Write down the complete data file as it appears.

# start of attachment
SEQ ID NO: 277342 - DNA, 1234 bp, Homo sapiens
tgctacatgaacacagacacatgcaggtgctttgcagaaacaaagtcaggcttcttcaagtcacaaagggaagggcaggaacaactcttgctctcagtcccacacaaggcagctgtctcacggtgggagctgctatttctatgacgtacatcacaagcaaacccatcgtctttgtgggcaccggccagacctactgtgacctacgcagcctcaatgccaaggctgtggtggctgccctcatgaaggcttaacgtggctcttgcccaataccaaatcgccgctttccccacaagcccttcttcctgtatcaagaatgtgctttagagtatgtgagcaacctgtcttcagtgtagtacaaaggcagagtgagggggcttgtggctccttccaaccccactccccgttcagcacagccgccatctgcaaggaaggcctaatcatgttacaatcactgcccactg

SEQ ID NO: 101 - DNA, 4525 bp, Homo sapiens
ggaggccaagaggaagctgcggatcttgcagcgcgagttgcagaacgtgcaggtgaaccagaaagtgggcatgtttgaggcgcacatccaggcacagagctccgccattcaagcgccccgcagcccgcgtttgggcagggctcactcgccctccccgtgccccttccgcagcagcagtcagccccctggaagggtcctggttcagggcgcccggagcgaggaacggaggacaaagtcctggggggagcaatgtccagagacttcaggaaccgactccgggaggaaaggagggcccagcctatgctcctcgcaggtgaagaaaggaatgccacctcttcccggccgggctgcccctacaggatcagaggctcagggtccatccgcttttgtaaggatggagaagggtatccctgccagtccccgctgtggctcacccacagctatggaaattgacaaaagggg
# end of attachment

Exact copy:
SEQ ID NO: 277342 - DNA, 1234 bp, Homo sapiens
tgctacatgaacacagacacatgcaggtgctttgcagaaacaaagtcaggcttcttcaagtcacaaagggaagggcaggaacaactcttgctctcagtcccacacaaggcagctgtctcacggtgggagctgctatttctatgacgtacatcacaagcaaacccatcgtctttgtgggcaccggccagacctactgtgacctacgcagcctcaatgccaaggctgtggtggctgccctcatgaaggcttaacgtggctcttgcccaataccaaatcgccgctttccccacaagcccttcttcctgtatcaagaatgtgctttagagtatgtgagcaacctgtcttcagtgtagtacaaaggcagagtgagggggcttgtggctccttccaaccccactccccgttcagcacagccgccatctgcaaggaaggcctaatcatgttacaatcactgcccactg

SEQ ID NO: 101 - DNA, 4525 bp, Homo sapiens
ggaggccaagaggaagctgcggatcttgcagcgcgagttgcagaacgtgcaggtgaaccagaaagtgggcatgtttgaggcgcacatccaggcacagagctccgccattcaagcgccccgcagcccgcgtttgggcagggctcactcgccctccccgtgccccttccgcagcagcagtcagccccctggaagggtcctggttcagggcgcccggagcgaggaacggaggacaaagtcctggggggagcaatgtccagagacttcaggaaccgactccgggaggaaaggagggcccagcctatgctcctcgcaggtgaagaaaggaatgccacctcttcccggccgggctgcccctacaggatcagaggctcagggtccatccgcttttgtaaggatggagaagggtatccctgccagtccccgctgtggctcacccacagctatggaaattgacaaaagggg